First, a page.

The next day was riding only. I doubled back on myself briefly, then rode along Pag, an island separated from the mainland by a bridge on 130m or so long. Pag is barren, stark, alien. Beautiful, but hostile - you wonder why people decided to try and live here. The bare pinky-white rock is only broken by tufts of grass and a small patch of marshland in the middle. Cliffs plungs down to water so clear you can see every fish from the top. I ferried across to the mainland (last on again!), and from the mountain road watched as more and more of Pag came into view with every upwards hairpin, until I could see the whole island cloud-dappled below me.

Croatia's sunshine only covers the coast, and soon I was chilly, then damp. I had a couple of scenic routes marked on my map, so ignored the signs for Plitvice National Park. the last stretch was a cut-through between two main roads. Marked as yellow on my map, it narrowed almost immediately, and soon I was winding through mist-shrouded tress, trying not to slip on the moss-covered road, My map said 11 km, but soon I'd passed km12, then 13, then 14. Low on fuel, my best chance was to carry on regardless. Finally the main road loomed!

After that magical forest, I was damp and determined to find somewhere nice and dry to stay. The problem? There isn't anywhere nice. The entire Plitvice Lakes area is filled with ugly, new-build villages of B&B tourist accommodation - the place could be used as a definition of "tourist industry".Eventually, 26 miles after fuelling up, I ended up camping - on a site right opposite the fuel station!

Luckily the rain only lasted a day, and I had beautiful sunshine for my day at the national park. Plitvice is a series of lakes linked by waterfalls, which push their way through anywhere they can, often coming in spouts stright out of the cliffs. It's enormously touristy, but by following the longest circuit, and then adding in a lake when that didn't look long enough, I managed to avoid the worst of them - all in all I walked about 8 and a half hours!

From Plitvice I rode to Krk. The thing that has most fascinated me about Croatia's islands is that they are all subtly different. Mljet was luch and forested. Hvar scented, Mediterranean scrubland. Pag barren. Krk is rocky at the edges like Pag, but densely green in the middle, and far more extensive than the others. I rode right to the edge, to Baska, which has a staggering harbour view out to other, uninhabited rocky islands. I simply sat and gazed. And ate ice-cream.

I was not hugely inspired by that night's campsite - huge, crowded, badly designed with not enough toilets or sensible parking. But the naturists have all the best campsites on Krk, and while I toyed with the idea of a naturist beach, nude camping was going a tad too far. Which turned out to be a good thing, as, just as it was getting dark, a solo, female biker turned up to pitch her tent next to mine! Mojca (pronounced Moitsa) has only been biking for a year, but is making her first forays into touring, heading from her native Slovenia to Vienna (where she also got lost!) and then to Croatia. She'd had a bad day, having parted ways with the mand who had started accompanying her on her trip, and ended up dictating it. So we shared a beer, talked bikes and men, and hopefully I made her day better and helped her have confidence in her decision to only travel alone from now on.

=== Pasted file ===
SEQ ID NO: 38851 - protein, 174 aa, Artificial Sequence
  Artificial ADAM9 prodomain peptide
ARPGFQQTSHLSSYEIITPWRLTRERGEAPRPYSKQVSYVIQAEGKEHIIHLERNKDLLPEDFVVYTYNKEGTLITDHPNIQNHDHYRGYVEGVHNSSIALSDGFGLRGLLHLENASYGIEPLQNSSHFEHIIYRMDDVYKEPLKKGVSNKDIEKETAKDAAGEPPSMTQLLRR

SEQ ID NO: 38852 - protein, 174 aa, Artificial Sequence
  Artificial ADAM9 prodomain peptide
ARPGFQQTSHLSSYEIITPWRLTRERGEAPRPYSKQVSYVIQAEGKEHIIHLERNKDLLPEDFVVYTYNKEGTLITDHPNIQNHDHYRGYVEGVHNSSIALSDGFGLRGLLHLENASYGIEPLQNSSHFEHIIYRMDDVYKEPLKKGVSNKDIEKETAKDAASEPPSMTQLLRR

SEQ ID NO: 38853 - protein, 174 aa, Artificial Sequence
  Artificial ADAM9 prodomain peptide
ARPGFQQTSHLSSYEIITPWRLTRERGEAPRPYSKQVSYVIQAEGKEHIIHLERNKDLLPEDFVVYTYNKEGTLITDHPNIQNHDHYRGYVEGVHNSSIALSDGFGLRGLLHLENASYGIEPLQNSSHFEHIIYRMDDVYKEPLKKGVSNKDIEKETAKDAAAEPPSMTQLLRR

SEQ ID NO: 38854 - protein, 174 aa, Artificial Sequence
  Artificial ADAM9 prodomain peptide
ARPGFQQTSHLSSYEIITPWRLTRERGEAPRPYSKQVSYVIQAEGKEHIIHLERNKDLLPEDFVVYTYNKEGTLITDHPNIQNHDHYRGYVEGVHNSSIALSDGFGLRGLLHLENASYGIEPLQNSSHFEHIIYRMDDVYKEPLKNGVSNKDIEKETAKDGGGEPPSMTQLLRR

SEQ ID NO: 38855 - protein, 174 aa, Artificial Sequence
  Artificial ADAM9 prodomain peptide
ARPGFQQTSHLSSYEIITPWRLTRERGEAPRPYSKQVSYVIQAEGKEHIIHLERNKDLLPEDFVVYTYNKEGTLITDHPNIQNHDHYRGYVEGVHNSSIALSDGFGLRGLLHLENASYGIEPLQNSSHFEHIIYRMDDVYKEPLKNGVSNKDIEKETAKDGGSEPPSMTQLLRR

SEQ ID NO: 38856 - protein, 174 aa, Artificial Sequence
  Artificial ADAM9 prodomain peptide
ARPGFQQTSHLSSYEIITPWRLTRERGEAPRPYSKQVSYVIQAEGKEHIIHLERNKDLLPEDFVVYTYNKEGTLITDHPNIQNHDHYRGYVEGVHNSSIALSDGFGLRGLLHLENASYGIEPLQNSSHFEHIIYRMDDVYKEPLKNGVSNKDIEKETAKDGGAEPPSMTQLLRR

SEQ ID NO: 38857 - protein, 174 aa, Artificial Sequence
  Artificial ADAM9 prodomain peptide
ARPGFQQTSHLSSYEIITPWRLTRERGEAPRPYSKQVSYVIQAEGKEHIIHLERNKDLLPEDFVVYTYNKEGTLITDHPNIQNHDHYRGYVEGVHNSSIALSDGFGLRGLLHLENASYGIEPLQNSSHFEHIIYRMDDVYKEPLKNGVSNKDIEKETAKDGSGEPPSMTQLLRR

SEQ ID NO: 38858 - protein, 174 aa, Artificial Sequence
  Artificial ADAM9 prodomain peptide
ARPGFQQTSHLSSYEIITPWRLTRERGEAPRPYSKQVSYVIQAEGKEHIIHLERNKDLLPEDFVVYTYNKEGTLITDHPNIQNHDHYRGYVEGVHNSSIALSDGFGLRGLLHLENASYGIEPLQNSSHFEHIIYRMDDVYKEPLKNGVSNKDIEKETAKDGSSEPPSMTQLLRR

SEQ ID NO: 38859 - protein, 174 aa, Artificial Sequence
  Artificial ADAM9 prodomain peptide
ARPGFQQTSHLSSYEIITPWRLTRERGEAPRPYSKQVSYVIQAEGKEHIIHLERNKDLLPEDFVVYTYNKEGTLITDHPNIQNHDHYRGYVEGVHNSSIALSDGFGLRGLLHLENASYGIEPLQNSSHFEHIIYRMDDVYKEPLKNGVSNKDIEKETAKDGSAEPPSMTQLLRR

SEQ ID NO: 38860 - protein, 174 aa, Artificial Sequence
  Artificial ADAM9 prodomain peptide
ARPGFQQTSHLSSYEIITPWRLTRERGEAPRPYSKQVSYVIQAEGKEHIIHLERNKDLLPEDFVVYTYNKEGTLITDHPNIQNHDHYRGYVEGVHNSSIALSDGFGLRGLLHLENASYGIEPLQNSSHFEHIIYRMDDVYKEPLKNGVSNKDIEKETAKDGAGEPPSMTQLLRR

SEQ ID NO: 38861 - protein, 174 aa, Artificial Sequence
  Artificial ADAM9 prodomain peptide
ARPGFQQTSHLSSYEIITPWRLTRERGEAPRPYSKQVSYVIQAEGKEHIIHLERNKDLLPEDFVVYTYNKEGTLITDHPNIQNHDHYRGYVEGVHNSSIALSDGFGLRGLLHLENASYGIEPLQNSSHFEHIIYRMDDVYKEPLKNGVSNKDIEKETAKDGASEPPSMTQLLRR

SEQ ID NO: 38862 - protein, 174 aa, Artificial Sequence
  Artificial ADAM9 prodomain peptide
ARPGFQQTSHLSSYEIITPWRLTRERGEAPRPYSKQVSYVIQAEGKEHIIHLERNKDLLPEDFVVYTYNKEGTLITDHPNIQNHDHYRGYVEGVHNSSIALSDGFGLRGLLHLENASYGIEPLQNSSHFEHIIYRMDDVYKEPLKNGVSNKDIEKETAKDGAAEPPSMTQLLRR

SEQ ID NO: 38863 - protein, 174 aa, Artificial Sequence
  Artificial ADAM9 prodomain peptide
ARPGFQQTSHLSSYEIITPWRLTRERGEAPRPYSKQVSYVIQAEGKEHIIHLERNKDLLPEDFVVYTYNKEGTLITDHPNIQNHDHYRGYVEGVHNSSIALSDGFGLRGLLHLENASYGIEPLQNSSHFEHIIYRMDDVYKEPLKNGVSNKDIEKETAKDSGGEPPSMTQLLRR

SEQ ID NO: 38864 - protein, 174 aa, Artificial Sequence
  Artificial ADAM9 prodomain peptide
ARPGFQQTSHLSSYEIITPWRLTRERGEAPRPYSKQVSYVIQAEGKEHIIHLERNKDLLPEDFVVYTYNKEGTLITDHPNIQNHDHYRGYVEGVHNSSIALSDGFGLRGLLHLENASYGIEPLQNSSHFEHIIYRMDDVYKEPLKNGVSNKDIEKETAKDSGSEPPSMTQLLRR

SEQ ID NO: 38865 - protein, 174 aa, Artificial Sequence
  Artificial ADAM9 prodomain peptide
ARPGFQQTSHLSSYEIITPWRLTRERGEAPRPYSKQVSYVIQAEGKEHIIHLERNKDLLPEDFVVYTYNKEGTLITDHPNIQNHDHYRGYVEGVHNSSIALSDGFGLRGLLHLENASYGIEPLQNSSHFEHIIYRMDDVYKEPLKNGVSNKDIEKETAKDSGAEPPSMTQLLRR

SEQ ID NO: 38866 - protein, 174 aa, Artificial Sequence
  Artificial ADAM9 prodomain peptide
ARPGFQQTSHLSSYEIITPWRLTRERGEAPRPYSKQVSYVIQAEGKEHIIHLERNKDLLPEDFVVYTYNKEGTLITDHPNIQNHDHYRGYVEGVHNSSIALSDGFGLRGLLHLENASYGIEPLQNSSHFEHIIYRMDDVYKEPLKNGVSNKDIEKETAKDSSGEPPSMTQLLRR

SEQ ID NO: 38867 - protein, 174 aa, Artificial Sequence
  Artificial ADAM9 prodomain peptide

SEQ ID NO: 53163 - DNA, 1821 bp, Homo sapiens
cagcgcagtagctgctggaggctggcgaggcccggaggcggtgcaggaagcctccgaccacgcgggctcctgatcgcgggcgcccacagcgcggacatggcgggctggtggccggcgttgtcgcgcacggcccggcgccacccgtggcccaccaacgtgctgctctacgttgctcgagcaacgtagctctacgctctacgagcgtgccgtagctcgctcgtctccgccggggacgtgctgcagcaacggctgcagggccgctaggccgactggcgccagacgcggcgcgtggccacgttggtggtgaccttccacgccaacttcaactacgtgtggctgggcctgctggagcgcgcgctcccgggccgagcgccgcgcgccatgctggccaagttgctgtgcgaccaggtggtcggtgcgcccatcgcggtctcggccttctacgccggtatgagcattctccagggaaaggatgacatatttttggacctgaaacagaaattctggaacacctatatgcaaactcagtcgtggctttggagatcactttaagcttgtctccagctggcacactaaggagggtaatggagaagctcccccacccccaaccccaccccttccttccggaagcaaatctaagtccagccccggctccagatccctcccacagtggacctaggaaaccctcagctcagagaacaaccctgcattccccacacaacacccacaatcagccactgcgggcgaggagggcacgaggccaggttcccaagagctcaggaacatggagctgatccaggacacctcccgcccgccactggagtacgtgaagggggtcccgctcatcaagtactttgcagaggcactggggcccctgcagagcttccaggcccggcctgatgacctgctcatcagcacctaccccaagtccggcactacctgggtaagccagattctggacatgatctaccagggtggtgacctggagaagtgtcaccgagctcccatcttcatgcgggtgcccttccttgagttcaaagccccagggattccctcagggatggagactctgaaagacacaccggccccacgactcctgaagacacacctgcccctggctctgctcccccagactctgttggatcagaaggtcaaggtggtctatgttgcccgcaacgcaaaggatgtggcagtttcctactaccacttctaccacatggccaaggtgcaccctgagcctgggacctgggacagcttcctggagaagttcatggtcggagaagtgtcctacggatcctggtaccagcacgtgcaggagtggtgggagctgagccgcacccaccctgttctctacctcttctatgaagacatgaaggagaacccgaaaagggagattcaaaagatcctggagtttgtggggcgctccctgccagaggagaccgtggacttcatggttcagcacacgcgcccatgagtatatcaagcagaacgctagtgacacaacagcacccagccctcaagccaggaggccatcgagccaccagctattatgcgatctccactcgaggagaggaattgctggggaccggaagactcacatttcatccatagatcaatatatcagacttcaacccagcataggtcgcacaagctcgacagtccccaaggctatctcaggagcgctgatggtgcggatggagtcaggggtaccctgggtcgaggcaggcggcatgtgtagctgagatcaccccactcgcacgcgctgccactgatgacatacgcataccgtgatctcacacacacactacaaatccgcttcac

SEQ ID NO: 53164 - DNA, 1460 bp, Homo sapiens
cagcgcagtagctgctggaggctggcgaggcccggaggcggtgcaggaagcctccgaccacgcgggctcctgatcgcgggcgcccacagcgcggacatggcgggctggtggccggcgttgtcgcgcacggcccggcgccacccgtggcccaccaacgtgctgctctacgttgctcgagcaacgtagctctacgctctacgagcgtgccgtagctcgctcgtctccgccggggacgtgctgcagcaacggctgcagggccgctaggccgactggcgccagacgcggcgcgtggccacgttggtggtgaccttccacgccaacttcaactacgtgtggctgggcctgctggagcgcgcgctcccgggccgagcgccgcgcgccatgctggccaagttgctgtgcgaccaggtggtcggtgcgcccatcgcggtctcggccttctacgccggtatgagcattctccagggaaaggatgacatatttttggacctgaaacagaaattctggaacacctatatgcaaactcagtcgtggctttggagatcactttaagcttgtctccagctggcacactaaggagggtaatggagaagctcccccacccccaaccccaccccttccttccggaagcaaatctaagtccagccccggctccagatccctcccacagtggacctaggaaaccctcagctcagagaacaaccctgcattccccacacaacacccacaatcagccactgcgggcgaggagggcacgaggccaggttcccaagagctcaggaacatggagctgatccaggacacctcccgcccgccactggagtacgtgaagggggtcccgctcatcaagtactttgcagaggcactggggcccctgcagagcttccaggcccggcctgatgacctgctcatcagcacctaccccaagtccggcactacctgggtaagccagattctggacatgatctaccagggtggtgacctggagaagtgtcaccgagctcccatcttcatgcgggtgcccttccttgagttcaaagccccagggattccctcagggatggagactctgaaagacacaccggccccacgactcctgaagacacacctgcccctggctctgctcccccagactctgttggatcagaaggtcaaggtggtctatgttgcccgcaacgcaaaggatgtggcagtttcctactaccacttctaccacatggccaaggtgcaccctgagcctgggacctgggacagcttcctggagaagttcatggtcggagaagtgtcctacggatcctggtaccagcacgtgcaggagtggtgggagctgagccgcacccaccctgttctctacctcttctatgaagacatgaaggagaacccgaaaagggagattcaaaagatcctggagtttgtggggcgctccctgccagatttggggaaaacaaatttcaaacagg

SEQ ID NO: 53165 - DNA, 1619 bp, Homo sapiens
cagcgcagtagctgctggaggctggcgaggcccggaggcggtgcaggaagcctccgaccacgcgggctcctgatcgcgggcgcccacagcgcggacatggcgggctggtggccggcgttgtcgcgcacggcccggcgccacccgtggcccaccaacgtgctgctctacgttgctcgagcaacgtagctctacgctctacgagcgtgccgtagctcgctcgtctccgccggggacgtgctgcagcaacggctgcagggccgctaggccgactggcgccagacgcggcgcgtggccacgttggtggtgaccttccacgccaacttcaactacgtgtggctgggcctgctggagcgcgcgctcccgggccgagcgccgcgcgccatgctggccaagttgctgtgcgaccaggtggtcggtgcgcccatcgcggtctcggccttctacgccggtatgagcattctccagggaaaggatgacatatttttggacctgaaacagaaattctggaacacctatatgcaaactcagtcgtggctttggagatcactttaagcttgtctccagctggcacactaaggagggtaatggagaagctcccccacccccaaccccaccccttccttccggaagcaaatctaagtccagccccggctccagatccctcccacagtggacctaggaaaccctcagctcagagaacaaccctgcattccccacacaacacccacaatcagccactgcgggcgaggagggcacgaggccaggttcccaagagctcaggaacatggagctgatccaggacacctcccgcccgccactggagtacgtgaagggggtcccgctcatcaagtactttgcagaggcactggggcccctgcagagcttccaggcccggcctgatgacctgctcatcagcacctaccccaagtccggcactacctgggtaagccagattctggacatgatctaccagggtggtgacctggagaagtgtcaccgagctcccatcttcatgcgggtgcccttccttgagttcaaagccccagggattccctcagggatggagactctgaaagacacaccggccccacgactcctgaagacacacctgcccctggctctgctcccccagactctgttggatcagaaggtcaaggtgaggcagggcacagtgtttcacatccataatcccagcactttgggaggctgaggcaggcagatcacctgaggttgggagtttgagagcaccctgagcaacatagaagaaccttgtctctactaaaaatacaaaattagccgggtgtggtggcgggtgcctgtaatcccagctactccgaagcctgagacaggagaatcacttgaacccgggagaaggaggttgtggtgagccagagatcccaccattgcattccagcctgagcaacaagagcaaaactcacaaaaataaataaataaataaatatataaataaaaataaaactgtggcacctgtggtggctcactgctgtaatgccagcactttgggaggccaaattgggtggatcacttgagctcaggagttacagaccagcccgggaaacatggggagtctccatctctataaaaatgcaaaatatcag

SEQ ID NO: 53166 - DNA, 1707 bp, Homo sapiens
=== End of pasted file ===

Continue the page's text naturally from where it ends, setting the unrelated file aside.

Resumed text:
From Krk I went to the neighbouring islands of Cres and Losinj. Vultures live there, and there are few creatures more contemptuous of adventure than vultures circling over hot, empty scrubland. I'd hoped to use Mali Losinj as a base for diving and kayaking, but in the end neither proved possible, so I swam, sunbathed, chased fish through deep blue sea, and generally relaxed for a day - although one sunbathing session was interrupted by a Slovenian man named Dejan, who claimed he was led to me by Jesus. It's novel chat-up line I'll give him that, but not one that's likely to work on me!

My last couple of night in Croatia are being spent in Istria, at a motorbike campsite near Porec. It's run by Dragan, and unlike the campervan sardine-tins I've had elsewhere it's friendly, personal, haphazard. I've been promised a party tonight, with goulash and a campfire! Croatia has been relatively lacking in the personal touch, so it's nice to feel welcomed as an individual again.

Today has been spent exploring Istria, which is quite different from the coast. Thick forests hide sudden gorges and cliffs, and the lack of a coastal breeze make it seriously hot - 35 today! I stopped off in Pazin, and by luck they have a fascinating exhibition on emigration in the castle. It's strange for someone like me, who has always been a foreigner in one way or another, to imagine leaving a homeland, perhaps forever, to head into the complete unknown.

From Pazin I made it to Rosinj, where I have just eaten vast quantities of grilled fish, and, for all my searching elsewhere, found a place that does kayak tours! Do I want to stay an extra day and paddle? Or stick to my plans and head to Slovenia? I am tired of Croatia in many ways, but I miss kayaking too. Decisions decisions... Most of all I think I need someone else to make them for a change! Maybe I'll just toss a coin!

Posted by Laura Bennitt at July 16, 2009 03:15 PM GMT